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Locavore In Name Only? Truth Reiterated

By Charles Olken

Lord knows that I am no unabashed champion of natural, organic, authentic, biodynamic, dry-farmed, natural-yeast-fermented wines.

Lord also knows that I am entirely accepting of wines of that ilk. I judge wine by taste, balance and doing as little harm to the earth and to those who consume it.

Last week I complained about a very good Oakland restaurant that proudly trumpets its philosophy embodied in and by the causes/beliefs/processes listed in the opening sentence, including the other part of that philosophy that what they serve should be locally sourced whenever possible.

If you have not seen those comments and want to know what all the fuss is about, please scroll down to the blog entry from last Tuesday. It is just two entries down from here and not all that hard to find.

Not that I went out to look for it, but a conversation did develop between me and the wine buyer concerning the virtual absence of local wine on his otherwise interesting list, and in that conversation, those of us at the table were told that California did not make wines that suited the restaurant’s professed preferences.

Nothing could be further from the truth. Wines of that ilk have always been around. The San Francisco Chronicle wrote a long article about them based on another restaurant in Oakland named Ordinaire that serves nothing but. Funny that Ordinaire could find them but Camino could not.

Both the article questioning the list and the comments that follow contain mentions of California producers that fit the Camino requirements. And let’s be clear. The “requirements” are not what is in question here. It is the utterly contempt shown for California wine in the comments by the wine buyer and echoed by one of Camino’s suppliers in the comments section.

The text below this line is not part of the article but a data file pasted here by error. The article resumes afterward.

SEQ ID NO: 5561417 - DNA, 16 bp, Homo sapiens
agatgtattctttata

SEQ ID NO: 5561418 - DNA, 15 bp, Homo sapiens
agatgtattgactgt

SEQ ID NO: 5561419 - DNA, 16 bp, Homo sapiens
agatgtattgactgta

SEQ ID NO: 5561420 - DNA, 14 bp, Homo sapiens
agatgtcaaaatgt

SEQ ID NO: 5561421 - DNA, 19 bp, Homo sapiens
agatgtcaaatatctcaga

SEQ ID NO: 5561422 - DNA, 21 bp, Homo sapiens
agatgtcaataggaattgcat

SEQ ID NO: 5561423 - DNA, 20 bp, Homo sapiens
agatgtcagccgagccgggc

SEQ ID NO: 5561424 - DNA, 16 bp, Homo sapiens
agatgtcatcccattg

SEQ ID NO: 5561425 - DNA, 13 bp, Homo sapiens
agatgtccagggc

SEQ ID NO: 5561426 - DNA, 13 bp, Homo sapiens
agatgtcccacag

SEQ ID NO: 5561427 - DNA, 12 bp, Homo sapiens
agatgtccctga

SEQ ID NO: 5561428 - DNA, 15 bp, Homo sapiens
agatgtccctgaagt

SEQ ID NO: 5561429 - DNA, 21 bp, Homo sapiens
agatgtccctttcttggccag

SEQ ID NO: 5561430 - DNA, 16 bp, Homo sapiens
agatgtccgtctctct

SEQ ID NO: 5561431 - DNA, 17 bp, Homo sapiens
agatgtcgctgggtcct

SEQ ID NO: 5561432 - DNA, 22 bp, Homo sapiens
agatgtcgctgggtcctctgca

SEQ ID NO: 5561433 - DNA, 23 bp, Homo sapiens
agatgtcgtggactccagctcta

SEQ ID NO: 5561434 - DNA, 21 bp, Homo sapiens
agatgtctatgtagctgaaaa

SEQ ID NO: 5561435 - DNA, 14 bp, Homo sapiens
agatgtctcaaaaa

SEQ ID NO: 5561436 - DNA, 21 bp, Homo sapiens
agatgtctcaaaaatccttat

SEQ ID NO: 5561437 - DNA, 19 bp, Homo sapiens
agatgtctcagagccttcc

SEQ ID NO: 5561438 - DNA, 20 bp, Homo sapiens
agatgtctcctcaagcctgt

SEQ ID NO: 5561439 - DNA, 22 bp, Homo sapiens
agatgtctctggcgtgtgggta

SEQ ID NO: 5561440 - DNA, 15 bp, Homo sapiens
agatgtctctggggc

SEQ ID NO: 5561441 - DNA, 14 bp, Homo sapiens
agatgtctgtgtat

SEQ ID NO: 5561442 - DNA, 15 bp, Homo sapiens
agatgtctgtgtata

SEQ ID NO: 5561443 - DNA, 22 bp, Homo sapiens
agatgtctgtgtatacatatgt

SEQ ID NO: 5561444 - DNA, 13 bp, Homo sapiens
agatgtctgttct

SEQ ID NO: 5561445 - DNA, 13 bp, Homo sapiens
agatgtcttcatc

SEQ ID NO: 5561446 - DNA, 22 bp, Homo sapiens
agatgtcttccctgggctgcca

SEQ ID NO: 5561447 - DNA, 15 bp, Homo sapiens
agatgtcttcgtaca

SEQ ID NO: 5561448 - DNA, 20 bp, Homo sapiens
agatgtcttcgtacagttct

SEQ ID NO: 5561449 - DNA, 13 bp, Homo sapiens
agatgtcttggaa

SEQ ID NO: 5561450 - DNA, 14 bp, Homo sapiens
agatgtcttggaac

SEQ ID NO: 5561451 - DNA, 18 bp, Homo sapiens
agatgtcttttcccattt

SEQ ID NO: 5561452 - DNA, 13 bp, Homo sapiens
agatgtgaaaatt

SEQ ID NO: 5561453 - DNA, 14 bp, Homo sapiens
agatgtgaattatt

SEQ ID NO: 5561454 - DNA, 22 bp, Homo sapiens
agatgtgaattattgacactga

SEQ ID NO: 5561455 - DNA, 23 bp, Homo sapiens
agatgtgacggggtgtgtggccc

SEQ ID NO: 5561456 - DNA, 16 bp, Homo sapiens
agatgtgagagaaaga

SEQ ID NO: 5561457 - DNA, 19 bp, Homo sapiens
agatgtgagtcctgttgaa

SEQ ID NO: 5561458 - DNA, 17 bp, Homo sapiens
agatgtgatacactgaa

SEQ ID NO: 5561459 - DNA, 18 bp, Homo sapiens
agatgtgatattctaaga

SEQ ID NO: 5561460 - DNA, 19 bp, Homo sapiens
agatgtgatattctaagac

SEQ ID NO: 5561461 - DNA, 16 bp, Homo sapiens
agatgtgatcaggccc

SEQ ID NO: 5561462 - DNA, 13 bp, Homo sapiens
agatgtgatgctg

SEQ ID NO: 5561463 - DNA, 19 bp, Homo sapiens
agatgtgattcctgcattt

Here is another bit of proof of the shortsightedness and bias at work here.

Camino is a fine place to eat, but bring your own California wine if you, like me, think that California deserves even-handed treatment by local locavore restaurants. Camino is located at 3917 Grand Avenue.

Ordinaire, located just down the street at 3354 Grand Avenue, is a wine bar dedicated to the very wines that meet the Camino requirements. Here is what Ordinaire says: “We focus on natural wines from France, Italy, Spain and California”. And there, on their webpage, is a picture of their pouring list including Donkey & Goat, Broc, Matthiasson and Workbook.

So, how about it, Camino and acolytes? How about a walk down the street to find a broad range of wines from California, including wines made right there in Oakland and nearby in Berkeley? It is time for this nonsense that California does not produce wines in the required style. It always has. Ask Coturri and Frey and Edmunds St. John and Bonny Doon just to name a few who have been around a lot longer than Camino.


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Locavore Not
by Brad Kitson
Posted on:3/29/2016 5:13:22 PM

For me, local isn't just about sustainability.  It's personal, too.  You can get to know a local producer.  It's a lot harder to get to know a producer half a world away.

I feel sorry for Camino.  



restaurant wine lists
by Eric Scholnick
Posted on:3/30/2016 12:36:41 PM

I have dabbled in assisting restaurants in putting together wine lists.  Early in my first such endeavor, a distributor rep made the following comment:

"You know what's the hardest part about putting together a restaurant wine list?  Putting wines on there that you don't like."

That was an eye-opener for me.  As it turned out, some of the wines I liked sold well, others not so much, and some of the wines I wouldn't have selected before hearing that comment ended up being quite popular.

Sounds like the wine director at Camino is assuming that his palate is superior to all others, and everybody should like what he/she likes.  There are no doubt two sides to this story, and I haven't been to Camino, sampled their cuisine, or seen their wine list, but their stance smacks of pretention and arrogance.

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